C. Stanley
3
The Little Glass Of Wine
03:07
Late 1947 / Early 1948
Rich-R-Tone RRT-423 Carter Stanley
Ralph Stanley
Leslie Keith
Pee Wee Lambert


C. Stanley
4
Our Darling's Gone
02:14
Late 1947 / Early 1948
Rich-R-Tone RRT-435 Carter Stanley
Ralph Stanley
Leslie Keith
Pee Wee Lambert


C. Stanley
5
Molly And Tenbrook
02:27
Mid 1948
Rich-R-Tone RRT-418 Carter Stanley
Ralph Stanley
Art Wooten
Pee Wee Lambert


Bill Monroe
6
The Little Girl And The Dreadful Snake
03:06
Mid 1952
Rich-R-Tone RRT-1055 Carter Stanley
Ralph Stanley
Art Stamper
Jim Williams


Albert Price (aka Bill Monroe)
7
Are You Waiting Just For Me?
02:20
Mid 1952
Rich-R-Tone RRT-1055 Carter Stanley
Ralph Stanley
Art Stamper
Jim Williams


Ernest Tubb
8
Death Is Only A Dream
02:22
Early/mid 1947
Rich-R-Tone RRT-446 Carter Stanley
Ralph Stanley
Leslie Keith
Pee Wee Lambert
Ray Lambert

C.W. Ray / A.J. Buchanan
9
Little Birdie
02:00
Mid 1952
Rich-R-Tone RRT-1056 Carter Stanley
Ralph Stanley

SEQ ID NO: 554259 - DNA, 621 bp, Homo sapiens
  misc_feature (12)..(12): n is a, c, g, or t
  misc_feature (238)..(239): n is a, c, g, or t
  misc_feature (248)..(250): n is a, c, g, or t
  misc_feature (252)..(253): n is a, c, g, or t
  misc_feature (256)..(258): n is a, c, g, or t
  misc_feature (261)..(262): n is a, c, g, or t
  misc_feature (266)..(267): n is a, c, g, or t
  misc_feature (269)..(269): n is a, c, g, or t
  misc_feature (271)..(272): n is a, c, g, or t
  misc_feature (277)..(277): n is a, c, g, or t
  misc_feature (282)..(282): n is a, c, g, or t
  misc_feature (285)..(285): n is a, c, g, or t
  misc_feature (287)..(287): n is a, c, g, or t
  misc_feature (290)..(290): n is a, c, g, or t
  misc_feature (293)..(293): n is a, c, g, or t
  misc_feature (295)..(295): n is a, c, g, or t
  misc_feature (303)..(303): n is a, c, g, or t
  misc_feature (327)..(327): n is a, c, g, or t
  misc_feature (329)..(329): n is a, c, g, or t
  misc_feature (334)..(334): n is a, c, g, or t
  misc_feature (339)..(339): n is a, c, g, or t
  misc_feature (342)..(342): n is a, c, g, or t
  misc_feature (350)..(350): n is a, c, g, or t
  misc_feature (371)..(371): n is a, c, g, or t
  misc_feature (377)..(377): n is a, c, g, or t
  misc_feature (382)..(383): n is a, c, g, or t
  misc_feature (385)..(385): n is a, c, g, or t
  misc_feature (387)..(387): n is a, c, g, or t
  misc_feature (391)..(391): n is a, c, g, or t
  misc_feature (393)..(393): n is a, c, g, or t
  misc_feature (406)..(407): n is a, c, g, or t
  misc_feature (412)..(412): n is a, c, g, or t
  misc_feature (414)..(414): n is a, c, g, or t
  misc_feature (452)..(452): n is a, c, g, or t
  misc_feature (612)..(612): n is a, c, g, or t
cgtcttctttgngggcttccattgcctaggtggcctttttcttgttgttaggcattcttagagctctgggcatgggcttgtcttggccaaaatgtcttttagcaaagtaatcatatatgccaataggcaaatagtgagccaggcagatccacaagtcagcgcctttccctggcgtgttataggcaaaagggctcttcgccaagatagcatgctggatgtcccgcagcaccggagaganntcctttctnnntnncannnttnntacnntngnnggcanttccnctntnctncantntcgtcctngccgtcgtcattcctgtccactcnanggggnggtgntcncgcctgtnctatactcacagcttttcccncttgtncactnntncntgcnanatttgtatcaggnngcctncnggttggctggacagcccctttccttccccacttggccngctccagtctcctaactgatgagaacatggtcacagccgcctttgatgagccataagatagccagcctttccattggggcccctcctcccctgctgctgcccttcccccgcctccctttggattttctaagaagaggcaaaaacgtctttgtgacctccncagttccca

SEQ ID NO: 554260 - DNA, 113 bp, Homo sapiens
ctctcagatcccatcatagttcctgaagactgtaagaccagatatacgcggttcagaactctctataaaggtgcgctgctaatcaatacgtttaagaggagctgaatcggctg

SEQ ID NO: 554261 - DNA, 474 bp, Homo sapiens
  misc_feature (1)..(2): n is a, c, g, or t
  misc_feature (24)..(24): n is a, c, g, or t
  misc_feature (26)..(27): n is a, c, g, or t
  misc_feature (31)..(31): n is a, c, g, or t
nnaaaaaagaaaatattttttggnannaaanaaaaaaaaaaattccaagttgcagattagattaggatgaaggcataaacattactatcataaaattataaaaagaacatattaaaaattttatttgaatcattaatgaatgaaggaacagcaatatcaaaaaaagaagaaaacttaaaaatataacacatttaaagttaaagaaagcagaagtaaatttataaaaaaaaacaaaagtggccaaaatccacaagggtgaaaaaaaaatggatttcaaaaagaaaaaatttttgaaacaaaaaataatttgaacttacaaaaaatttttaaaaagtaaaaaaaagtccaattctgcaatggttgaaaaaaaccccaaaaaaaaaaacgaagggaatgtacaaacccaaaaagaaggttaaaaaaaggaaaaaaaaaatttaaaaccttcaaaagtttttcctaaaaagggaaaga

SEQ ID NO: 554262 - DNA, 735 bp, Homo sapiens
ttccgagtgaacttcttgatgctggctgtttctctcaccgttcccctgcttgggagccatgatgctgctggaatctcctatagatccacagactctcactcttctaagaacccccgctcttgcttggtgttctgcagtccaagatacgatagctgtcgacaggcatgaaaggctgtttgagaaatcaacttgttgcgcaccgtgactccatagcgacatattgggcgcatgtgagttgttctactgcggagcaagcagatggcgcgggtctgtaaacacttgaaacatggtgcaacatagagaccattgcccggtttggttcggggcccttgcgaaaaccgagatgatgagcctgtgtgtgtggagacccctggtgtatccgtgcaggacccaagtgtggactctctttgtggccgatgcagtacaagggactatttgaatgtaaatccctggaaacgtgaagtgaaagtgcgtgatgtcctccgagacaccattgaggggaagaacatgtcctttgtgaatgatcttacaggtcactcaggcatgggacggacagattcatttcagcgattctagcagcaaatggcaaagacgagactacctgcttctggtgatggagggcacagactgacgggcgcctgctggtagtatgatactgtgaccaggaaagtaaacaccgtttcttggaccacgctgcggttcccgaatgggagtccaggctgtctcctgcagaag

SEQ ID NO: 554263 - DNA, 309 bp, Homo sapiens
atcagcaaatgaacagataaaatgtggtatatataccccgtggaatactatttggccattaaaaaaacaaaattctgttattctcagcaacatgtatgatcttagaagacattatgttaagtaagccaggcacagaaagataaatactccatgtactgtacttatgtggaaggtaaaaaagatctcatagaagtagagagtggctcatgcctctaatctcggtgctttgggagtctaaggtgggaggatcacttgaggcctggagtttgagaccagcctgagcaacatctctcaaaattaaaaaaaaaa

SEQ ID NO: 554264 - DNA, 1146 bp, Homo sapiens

Art Stamper
Jim Williams


P.D.
10
I Can Tell You The Time
02:11
Early/mid 1947
Rich-R-Tone RRT-446 Carter Stanley
Ralph Stanley
Leslie Keith
Pee Wee Lambert
Ray Lambert

Adger M. Pace
11
The Little Glass Of Wine
02:57
Mid 1952
Rich-R-Tone RRT-1056 Carter Stanley
Ralph Stanley
Art Stamper
Jim Williams


C. Stanley
12
Mother No Longer Awaits Me At Home
02:43
Early/mid 1947
Rich-R-Tone RRT-420 Carter Stanley
Ralph Stanley
Leslie Keith
Pee Wee Lambert
Ray Lambert

R. Stanley / C. Stanley
13
The Rambler's Blues
02:48
Mid 1948
Rich-R-Tone RRT-418 Carter Stanley
Ralph Stanley
Art Wooten
Pee Wee Lambert


Leslie Keith
14
The Girl Behind The Bar
02:17
Early/mid 1947
Rich-R-Tone RRT-420 Carter Stanley
Ralph Stanley
Leslie Keith
Pee Wee Lambert
Ray Lambert

C. Stanley

Go To Top Of Page [1] Ralph Stanley and Eddie Dean's 'Man Of Constant Sorrow' book (p.109).
[2] The liner notes and some other sources give WOPI as the location for the third session, but Gary B. Reid's more recent "The Music Of The Stanley Brothers" book says it was recorded as WCYB.
[3] Liner notes, also in Gary B. Reid's "The Music Of The Stanley Brothers" (p. 15) with source being an interview with Ralph by Charlie Sizemore from March 1981.
[4] Ralph Stanley and Eddie Dean's 'Man Of Constant Sorrow' book (p.134-135).
[5] Neil V. Rosenberg and Charles K. Wolfe's 'The Music Of Bill Monroe' (p. 74 & p.298).
[6] Ralph Stanley and Eddie Dean's 'Man Of Constant Sorrow' book (p.135).
[7] Gary B. Reid liner notes to 'Stanley Series Vol. 2 #4 (Copper Creek CCSS-V2N4) 1987.
[8] Neil V. Rosenberg and Charles K. Wolfe's 'The Music Of Bill Monroe' (p. 92).